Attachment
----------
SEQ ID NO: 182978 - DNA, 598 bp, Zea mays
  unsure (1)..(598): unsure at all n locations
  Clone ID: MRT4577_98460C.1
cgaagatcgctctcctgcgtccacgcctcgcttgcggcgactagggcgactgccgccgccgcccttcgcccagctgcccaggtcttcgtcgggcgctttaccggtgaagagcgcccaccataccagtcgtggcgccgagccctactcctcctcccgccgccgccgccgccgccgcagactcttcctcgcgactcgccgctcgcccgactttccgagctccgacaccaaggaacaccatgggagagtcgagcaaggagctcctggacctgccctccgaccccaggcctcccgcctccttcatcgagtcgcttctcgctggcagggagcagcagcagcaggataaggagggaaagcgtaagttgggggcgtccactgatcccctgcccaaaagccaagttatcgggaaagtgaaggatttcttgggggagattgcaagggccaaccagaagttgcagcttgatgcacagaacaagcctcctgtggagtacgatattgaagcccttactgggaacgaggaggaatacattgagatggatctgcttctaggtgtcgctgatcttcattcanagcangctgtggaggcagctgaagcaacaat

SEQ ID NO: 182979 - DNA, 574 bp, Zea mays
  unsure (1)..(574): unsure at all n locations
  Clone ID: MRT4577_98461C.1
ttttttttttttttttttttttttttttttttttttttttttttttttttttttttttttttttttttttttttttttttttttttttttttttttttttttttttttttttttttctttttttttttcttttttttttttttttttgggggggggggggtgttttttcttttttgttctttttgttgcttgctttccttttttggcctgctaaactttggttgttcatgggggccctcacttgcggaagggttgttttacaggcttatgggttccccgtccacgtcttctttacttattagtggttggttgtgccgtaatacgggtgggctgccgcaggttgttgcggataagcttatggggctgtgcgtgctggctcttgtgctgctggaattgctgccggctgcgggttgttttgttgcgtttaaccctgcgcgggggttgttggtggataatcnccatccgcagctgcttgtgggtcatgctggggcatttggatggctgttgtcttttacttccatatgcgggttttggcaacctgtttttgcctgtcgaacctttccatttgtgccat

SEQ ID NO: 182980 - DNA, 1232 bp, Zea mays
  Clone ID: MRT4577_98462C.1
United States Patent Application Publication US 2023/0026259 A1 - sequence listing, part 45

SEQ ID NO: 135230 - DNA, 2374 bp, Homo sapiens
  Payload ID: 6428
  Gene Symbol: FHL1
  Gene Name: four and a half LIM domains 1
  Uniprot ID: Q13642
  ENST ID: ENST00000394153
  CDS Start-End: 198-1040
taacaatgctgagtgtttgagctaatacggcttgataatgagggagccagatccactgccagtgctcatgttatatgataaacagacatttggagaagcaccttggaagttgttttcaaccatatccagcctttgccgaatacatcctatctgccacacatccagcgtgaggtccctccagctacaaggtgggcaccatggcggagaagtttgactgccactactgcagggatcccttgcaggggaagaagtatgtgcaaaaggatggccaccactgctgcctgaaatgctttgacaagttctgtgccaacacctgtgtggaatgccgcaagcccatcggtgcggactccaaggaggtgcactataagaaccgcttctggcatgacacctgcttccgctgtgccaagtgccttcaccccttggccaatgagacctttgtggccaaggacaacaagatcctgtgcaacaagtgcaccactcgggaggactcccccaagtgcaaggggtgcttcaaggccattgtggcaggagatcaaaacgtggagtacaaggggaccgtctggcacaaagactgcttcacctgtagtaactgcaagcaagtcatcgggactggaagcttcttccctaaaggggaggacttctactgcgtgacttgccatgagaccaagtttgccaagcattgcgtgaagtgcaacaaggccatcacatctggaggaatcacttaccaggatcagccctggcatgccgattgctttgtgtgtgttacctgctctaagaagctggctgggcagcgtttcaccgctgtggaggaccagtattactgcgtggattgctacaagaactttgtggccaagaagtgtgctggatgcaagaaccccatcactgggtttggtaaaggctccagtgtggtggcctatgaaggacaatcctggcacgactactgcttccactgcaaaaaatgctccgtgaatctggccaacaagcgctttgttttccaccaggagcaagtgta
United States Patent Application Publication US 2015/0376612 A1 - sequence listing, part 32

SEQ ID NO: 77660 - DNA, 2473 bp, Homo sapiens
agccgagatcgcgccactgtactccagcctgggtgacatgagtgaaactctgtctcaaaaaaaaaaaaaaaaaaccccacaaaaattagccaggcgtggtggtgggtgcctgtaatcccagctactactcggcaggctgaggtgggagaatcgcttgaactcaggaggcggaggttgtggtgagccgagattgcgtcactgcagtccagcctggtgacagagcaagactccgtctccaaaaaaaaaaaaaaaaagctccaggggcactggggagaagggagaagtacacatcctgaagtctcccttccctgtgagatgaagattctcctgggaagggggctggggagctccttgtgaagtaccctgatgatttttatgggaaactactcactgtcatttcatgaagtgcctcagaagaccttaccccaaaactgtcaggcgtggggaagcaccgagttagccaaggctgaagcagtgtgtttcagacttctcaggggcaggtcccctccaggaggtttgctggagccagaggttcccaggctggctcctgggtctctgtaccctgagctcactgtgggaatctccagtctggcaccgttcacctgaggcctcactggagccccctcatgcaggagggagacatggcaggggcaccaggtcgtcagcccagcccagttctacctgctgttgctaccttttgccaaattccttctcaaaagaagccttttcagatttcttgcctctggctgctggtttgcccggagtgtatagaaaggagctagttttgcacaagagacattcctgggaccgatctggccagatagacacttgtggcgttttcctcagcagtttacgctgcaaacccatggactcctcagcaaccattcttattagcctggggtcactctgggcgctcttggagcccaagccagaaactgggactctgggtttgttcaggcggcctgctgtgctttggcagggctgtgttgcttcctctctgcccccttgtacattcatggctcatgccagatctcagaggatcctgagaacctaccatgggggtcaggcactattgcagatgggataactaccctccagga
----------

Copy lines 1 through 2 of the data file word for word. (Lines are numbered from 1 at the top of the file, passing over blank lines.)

SEQ ID NO: 182978 - DNA, 598 bp, Zea mays
  unsure (1)..(598): unsure at all n locations